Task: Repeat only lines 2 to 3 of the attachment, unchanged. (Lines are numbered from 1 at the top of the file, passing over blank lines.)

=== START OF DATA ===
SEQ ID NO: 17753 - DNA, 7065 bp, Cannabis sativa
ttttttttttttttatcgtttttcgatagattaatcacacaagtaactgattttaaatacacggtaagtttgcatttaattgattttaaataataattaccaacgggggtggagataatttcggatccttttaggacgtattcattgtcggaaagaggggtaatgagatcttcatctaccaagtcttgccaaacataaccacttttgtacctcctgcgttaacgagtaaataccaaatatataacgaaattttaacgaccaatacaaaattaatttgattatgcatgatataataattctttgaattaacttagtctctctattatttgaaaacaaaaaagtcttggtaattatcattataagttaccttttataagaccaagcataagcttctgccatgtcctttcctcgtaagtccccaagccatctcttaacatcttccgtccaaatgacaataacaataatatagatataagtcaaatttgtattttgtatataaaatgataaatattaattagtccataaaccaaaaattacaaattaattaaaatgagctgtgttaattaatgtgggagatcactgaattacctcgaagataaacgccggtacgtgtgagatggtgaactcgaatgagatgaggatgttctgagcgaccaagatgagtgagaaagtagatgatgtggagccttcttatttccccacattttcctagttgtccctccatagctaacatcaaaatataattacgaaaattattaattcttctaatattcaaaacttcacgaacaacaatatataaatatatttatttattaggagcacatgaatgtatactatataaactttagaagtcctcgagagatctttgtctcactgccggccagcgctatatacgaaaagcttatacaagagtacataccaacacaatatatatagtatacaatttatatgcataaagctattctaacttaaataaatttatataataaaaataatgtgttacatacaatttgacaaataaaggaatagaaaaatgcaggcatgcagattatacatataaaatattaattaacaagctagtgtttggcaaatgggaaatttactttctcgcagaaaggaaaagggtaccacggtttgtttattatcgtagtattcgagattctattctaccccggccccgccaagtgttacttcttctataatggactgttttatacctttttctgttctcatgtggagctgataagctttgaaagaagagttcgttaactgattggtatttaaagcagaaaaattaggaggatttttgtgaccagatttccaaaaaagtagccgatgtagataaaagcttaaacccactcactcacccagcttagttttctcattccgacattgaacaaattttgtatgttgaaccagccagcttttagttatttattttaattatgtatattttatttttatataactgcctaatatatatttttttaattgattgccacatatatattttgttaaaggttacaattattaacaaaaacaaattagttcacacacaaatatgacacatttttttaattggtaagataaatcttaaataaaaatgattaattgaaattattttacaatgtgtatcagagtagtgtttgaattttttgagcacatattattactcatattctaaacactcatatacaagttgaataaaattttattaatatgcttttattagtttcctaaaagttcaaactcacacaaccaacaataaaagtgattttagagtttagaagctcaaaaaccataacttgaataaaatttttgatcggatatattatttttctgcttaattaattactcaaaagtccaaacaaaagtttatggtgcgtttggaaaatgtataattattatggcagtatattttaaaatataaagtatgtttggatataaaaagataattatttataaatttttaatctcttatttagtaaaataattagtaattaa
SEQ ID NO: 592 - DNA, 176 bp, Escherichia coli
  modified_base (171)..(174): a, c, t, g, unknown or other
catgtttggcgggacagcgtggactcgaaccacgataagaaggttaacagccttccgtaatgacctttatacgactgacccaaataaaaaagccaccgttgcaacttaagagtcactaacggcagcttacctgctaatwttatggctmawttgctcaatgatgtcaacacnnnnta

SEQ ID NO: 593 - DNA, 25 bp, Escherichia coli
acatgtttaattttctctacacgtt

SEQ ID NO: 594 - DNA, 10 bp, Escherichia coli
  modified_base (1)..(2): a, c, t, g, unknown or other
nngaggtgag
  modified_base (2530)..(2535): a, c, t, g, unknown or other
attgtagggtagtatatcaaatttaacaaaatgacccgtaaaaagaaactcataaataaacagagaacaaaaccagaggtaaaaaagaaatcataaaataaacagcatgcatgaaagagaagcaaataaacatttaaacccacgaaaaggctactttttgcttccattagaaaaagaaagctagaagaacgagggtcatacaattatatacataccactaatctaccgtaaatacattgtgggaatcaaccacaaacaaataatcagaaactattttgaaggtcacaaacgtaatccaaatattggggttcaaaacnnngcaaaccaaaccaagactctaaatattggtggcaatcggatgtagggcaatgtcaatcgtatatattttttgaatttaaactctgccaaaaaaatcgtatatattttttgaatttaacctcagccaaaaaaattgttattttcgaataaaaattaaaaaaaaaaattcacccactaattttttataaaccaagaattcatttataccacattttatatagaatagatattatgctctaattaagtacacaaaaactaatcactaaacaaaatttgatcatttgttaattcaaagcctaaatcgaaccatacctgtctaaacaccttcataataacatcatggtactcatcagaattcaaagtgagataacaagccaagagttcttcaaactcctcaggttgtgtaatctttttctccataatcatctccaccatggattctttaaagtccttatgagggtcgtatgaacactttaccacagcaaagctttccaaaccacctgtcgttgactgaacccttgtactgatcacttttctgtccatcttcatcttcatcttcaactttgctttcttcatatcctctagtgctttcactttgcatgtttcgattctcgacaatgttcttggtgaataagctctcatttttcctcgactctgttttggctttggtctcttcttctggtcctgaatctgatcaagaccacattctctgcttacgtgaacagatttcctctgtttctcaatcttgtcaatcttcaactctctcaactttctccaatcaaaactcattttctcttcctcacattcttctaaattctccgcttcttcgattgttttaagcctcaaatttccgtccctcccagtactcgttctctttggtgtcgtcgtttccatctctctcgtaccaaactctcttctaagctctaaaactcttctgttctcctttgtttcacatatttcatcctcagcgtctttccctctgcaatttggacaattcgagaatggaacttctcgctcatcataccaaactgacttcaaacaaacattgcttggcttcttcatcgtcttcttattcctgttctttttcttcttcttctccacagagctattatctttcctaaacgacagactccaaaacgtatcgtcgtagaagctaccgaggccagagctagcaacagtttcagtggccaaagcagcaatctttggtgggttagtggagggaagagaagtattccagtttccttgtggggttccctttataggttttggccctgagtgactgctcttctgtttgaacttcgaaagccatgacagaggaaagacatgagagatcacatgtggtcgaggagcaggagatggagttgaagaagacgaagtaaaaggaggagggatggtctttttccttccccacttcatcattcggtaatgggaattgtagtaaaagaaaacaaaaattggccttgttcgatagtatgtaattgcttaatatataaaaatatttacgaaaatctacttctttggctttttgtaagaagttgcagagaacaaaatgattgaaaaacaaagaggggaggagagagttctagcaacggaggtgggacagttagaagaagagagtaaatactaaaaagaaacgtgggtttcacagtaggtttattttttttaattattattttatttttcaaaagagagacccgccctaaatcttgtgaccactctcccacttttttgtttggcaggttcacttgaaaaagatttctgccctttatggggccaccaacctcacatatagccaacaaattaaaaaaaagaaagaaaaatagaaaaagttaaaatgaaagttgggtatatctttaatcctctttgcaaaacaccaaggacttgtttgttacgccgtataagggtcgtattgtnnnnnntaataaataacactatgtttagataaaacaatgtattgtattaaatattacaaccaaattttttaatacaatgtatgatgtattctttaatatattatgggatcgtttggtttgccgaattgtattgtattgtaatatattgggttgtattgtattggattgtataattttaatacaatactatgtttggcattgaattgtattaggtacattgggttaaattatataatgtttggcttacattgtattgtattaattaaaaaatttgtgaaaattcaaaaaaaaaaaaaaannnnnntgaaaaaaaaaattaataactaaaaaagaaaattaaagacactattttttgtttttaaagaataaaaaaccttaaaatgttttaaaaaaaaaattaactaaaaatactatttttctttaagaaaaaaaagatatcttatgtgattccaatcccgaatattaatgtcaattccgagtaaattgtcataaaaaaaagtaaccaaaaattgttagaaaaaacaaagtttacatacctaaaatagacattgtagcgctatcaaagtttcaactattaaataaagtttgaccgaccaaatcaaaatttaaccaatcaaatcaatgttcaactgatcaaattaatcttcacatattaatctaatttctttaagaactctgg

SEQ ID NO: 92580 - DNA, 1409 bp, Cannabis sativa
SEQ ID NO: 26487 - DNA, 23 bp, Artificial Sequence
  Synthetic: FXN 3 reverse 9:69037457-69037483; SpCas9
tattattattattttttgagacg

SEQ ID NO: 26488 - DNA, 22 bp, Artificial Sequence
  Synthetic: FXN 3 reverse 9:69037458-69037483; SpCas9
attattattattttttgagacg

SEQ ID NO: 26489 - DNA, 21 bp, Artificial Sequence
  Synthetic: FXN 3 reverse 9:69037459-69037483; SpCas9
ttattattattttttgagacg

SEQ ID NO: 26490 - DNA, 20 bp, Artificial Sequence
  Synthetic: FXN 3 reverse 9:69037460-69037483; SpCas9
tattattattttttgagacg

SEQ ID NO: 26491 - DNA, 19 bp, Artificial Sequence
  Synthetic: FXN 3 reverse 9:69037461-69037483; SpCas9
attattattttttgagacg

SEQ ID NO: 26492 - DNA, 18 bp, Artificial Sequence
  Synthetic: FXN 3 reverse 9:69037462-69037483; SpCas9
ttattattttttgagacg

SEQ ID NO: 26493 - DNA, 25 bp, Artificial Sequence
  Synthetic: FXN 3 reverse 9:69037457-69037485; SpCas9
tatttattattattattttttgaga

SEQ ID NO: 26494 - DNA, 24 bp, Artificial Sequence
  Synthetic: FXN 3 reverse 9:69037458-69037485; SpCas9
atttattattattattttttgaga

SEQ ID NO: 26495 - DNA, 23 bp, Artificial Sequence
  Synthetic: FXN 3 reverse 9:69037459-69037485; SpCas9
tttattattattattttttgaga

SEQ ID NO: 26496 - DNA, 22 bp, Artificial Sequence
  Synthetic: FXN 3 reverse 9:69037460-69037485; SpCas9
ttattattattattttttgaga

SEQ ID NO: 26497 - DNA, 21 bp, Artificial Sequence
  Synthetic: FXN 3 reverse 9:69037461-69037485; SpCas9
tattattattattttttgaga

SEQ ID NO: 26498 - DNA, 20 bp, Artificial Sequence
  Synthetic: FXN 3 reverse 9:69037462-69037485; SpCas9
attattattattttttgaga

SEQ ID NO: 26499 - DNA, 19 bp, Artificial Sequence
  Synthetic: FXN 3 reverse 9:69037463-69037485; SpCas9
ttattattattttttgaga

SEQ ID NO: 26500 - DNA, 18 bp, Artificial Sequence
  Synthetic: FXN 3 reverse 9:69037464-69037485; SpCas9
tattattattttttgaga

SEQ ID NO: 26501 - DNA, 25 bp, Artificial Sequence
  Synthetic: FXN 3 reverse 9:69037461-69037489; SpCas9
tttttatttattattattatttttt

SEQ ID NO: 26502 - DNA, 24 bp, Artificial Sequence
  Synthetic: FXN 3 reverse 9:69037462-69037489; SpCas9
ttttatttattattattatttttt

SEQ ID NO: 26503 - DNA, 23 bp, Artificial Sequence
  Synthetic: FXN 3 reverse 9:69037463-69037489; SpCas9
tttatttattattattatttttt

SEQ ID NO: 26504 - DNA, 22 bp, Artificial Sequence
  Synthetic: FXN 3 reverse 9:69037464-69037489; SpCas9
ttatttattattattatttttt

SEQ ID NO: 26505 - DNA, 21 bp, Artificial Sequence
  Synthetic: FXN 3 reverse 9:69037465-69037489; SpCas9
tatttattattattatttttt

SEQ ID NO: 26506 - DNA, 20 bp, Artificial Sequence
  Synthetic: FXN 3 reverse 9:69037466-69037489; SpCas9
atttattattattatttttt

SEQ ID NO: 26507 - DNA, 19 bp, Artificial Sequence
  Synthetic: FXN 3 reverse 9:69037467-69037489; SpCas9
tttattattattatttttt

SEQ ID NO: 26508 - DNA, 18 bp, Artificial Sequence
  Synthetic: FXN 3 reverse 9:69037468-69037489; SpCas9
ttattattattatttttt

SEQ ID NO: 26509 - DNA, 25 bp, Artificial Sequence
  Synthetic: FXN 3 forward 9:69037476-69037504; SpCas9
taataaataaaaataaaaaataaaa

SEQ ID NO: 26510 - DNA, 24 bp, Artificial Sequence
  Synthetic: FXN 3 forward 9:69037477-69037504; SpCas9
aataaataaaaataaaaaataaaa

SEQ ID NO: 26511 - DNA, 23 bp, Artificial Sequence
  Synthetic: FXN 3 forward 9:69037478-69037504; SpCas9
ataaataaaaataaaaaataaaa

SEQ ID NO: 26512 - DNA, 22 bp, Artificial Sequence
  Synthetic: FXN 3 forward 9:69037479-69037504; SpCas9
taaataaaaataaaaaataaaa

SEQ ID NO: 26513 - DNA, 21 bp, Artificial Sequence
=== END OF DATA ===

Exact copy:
ttttttttttttttatcgtttttcgatagattaatcacacaagtaactgattttaaatacacggtaagtttgcatttaattgattttaaataataattaccaacgggggtggagataatttcggatccttttaggacgtattcattgtcggaaagaggggtaatgagatcttcatctaccaagtcttgccaaacataaccacttttgtacctcctgcgttaacgagtaaataccaaatatataacgaaattttaacgaccaatacaaaattaatttgattatgcatgatataataattctttgaattaacttagtctctctattatttgaaaacaaaaaagtcttggtaattatcattataagttaccttttataagaccaagcataagcttctgccatgtcctttcctcgtaagtccccaagccatctcttaacatcttccgtccaaatgacaataacaataatatagatataagtcaaatttgtattttgtatataaaatgataaatattaattagtccataaaccaaaaattacaaattaattaaaatgagctgtgttaattaatgtgggagatcactgaattacctcgaagataaacgccggtacgtgtgagatggtgaactcgaatgagatgaggatgttctgagcgaccaagatgagtgagaaagtagatgatgtggagccttcttatttccccacattttcctagttgtccctccatagctaacatcaaaatataattacgaaaattattaattcttctaatattcaaaacttcacgaacaacaatatataaatatatttatttattaggagcacatgaatgtatactatataaactttagaagtcctcgagagatctttgtctcactgccggccagcgctatatacgaaaagcttatacaagagtacataccaacacaatatatatagtatacaatttatatgcataaagctattctaacttaaataaatttatataataaaaataatgtgttacatacaatttgacaaataaaggaatagaaaaatgcaggcatgcagattatacatataaaatattaattaacaagctagtgtttggcaaatgggaaatttactttctcgcagaaaggaaaagggtaccacggtttgtttattatcgtagtattcgagattctattctaccccggccccgccaagtgttacttcttctataatggactgttttatacctttttctgttctcatgtggagctgataagctttgaaagaagagttcgttaactgattggtatttaaagcagaaaaattaggaggatttttgtgaccagatttccaaaaaagtagccgatgtagataaaagcttaaacccactcactcacccagcttagttttctcattccgacattgaacaaattttgtatgttgaaccagccagcttttagttatttattttaattatgtatattttatttttatataactgcctaatatatatttttttaattgattgccacatatatattttgttaaaggttacaattattaacaaaaacaaattagttcacacacaaatatgacacatttttttaattggtaagataaatcttaaataaaaatgattaattgaaattattttacaatgtgtatcagagtagtgtttgaattttttgagcacatattattactcatattctaaacactcatatacaagttgaataaaattttattaatatgcttttattagtttcctaaaagttcaaactcacacaaccaacaataaaagtgattttagagtttagaagctcaaaaaccataacttgaataaaatttttgatcggatatattatttttctgcttaattaattactcaaaagtccaaacaaaagtttatggtgcgtttggaaaatgtataattattatggcagtatattttaaaatataaagtatgtttggatataaaaagataattatttataaatttttaatctcttatttagtaaaataattagtaattaa
SEQ ID NO: 592 - DNA, 176 bp, Escherichia coli